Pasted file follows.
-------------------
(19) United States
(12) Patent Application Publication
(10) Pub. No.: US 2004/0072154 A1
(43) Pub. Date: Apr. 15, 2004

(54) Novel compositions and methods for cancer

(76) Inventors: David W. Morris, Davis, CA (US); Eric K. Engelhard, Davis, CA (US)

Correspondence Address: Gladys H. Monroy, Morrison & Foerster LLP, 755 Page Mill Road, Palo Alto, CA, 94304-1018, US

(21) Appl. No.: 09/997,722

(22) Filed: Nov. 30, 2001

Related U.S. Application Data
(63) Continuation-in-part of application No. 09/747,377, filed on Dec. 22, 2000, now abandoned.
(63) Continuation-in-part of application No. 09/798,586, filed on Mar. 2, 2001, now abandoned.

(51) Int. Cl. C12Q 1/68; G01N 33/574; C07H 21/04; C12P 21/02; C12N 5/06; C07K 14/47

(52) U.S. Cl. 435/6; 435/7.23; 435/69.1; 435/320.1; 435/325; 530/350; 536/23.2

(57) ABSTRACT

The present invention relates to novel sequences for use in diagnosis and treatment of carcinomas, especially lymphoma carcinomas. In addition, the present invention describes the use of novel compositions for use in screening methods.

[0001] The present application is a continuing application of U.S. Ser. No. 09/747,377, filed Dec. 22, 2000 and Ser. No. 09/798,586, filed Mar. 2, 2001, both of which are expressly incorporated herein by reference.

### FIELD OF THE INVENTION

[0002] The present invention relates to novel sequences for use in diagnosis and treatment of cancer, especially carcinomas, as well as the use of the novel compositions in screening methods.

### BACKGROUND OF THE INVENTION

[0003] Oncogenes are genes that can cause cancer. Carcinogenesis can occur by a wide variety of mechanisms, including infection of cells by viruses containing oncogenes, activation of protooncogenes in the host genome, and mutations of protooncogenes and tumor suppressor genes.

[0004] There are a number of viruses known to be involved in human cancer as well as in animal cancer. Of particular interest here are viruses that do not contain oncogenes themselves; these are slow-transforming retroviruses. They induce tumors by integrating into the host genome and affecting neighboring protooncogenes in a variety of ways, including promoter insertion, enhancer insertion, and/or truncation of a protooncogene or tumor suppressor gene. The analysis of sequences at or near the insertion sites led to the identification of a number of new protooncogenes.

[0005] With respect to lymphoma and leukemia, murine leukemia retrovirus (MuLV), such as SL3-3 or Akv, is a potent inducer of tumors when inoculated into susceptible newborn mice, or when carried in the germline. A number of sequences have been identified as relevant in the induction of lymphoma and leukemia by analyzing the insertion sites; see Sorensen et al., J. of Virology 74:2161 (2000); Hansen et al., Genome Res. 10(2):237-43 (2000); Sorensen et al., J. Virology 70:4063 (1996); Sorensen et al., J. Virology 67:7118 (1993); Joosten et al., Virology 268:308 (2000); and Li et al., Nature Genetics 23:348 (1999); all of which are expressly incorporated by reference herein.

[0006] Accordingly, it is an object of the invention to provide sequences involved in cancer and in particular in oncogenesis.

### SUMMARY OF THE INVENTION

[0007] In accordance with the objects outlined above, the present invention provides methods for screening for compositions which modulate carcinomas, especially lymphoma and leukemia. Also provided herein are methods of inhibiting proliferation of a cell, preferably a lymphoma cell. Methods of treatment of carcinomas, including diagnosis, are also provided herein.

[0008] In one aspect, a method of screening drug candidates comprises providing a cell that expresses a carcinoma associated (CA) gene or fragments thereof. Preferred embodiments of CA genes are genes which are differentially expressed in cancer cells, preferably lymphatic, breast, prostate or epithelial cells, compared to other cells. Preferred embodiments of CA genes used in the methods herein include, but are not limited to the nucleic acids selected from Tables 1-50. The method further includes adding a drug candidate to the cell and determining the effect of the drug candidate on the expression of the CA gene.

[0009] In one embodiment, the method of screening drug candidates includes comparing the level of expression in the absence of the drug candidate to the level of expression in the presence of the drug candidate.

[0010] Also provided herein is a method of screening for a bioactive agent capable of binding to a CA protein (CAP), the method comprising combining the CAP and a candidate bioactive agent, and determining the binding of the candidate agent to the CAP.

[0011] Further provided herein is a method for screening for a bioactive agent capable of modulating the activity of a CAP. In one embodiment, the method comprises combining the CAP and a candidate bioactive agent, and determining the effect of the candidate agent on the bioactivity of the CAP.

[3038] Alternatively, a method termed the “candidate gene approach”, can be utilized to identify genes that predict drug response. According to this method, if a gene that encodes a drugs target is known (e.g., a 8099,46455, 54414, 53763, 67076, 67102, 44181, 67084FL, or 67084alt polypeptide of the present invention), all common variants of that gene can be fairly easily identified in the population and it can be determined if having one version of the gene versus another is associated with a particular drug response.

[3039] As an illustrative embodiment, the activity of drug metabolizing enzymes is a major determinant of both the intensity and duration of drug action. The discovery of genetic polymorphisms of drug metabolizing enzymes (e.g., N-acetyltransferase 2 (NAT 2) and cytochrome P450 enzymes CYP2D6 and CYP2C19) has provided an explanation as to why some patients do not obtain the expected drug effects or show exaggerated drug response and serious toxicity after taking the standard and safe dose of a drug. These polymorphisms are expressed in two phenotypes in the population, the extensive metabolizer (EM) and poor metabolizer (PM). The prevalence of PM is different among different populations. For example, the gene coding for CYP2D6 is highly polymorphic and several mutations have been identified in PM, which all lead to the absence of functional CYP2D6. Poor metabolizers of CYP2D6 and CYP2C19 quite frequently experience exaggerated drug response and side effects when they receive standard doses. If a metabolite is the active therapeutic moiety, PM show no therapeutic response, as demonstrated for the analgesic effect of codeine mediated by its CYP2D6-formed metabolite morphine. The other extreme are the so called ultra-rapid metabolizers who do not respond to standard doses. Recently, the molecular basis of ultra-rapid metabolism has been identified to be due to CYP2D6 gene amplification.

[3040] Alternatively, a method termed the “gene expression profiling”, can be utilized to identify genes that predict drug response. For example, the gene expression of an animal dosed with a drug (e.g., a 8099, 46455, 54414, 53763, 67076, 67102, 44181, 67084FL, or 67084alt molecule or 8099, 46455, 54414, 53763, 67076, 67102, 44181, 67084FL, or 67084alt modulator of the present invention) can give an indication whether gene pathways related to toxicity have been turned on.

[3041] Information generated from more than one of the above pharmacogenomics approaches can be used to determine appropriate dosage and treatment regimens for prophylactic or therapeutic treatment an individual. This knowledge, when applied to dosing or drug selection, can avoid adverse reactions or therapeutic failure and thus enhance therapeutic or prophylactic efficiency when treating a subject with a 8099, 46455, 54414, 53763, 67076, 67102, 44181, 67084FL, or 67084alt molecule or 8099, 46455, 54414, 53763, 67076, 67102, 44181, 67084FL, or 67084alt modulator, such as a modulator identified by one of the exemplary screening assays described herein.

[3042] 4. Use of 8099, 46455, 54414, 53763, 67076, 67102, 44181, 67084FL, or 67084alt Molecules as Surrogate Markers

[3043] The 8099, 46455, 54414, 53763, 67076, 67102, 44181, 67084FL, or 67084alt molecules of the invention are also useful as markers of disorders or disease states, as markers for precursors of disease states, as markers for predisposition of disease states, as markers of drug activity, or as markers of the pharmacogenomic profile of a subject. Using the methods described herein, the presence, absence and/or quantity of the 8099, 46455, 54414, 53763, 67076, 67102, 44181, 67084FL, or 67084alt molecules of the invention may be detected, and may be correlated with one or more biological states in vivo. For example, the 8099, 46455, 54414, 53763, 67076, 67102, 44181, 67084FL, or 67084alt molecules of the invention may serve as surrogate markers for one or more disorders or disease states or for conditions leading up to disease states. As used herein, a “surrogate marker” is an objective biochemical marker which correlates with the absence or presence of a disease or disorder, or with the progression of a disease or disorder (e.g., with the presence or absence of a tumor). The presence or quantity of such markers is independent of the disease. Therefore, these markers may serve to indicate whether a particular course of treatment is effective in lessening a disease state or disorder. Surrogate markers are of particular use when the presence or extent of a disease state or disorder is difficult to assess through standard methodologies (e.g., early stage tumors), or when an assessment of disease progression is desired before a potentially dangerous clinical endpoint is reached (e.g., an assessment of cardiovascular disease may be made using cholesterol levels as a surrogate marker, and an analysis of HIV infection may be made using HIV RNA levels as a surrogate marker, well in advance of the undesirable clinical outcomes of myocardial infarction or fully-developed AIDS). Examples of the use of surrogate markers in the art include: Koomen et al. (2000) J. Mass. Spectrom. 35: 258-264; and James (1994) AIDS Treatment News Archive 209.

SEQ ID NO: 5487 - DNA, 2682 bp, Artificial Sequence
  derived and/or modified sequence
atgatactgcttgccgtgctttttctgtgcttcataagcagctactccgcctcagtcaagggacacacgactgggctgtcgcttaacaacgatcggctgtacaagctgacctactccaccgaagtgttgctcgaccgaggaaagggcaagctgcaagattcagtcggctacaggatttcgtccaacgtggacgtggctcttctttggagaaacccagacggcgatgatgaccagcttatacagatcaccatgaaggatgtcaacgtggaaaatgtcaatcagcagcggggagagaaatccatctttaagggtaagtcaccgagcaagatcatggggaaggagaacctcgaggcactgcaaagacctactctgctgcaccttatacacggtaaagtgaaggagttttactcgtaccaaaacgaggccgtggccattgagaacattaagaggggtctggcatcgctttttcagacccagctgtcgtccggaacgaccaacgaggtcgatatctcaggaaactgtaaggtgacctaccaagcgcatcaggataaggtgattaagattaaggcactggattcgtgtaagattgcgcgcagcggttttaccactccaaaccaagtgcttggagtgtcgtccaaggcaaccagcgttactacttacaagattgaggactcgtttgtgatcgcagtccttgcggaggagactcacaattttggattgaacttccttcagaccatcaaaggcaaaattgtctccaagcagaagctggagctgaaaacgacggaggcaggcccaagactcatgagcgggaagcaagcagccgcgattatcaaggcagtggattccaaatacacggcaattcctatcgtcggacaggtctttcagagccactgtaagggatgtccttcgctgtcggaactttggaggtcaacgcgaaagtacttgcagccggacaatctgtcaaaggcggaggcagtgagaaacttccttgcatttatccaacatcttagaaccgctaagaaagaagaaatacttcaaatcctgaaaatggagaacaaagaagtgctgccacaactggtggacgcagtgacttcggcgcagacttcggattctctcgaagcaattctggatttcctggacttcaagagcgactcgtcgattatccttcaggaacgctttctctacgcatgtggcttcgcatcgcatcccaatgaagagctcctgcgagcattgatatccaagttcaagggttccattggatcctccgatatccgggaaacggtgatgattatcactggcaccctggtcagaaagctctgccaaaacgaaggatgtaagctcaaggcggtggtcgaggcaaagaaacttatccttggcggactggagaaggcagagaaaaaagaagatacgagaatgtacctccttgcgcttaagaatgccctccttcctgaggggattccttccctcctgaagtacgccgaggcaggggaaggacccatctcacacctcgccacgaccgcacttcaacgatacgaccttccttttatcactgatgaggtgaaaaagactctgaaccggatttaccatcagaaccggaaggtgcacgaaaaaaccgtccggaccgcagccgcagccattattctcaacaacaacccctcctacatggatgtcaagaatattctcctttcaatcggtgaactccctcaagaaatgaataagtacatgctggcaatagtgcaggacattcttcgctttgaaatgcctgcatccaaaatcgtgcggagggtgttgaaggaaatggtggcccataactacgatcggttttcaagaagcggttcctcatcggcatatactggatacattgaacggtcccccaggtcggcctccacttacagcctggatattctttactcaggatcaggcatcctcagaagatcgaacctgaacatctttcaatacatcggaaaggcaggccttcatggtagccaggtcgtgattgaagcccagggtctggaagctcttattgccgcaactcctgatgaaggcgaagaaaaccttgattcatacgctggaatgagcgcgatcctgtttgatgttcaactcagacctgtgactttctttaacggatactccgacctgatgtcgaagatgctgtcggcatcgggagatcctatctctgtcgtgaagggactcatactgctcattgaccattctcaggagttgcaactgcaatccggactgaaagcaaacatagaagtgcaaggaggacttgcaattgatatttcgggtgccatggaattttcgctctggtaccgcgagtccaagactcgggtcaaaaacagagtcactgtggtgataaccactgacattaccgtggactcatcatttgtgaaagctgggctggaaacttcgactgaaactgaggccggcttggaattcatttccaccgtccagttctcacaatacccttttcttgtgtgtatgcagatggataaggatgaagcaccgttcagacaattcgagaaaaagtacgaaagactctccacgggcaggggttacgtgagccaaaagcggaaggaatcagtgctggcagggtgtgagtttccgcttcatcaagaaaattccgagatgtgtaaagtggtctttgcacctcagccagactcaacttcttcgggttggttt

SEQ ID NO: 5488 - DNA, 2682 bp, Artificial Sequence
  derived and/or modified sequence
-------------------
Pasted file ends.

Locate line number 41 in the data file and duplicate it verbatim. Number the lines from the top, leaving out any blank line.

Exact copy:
  derived and/or modified sequence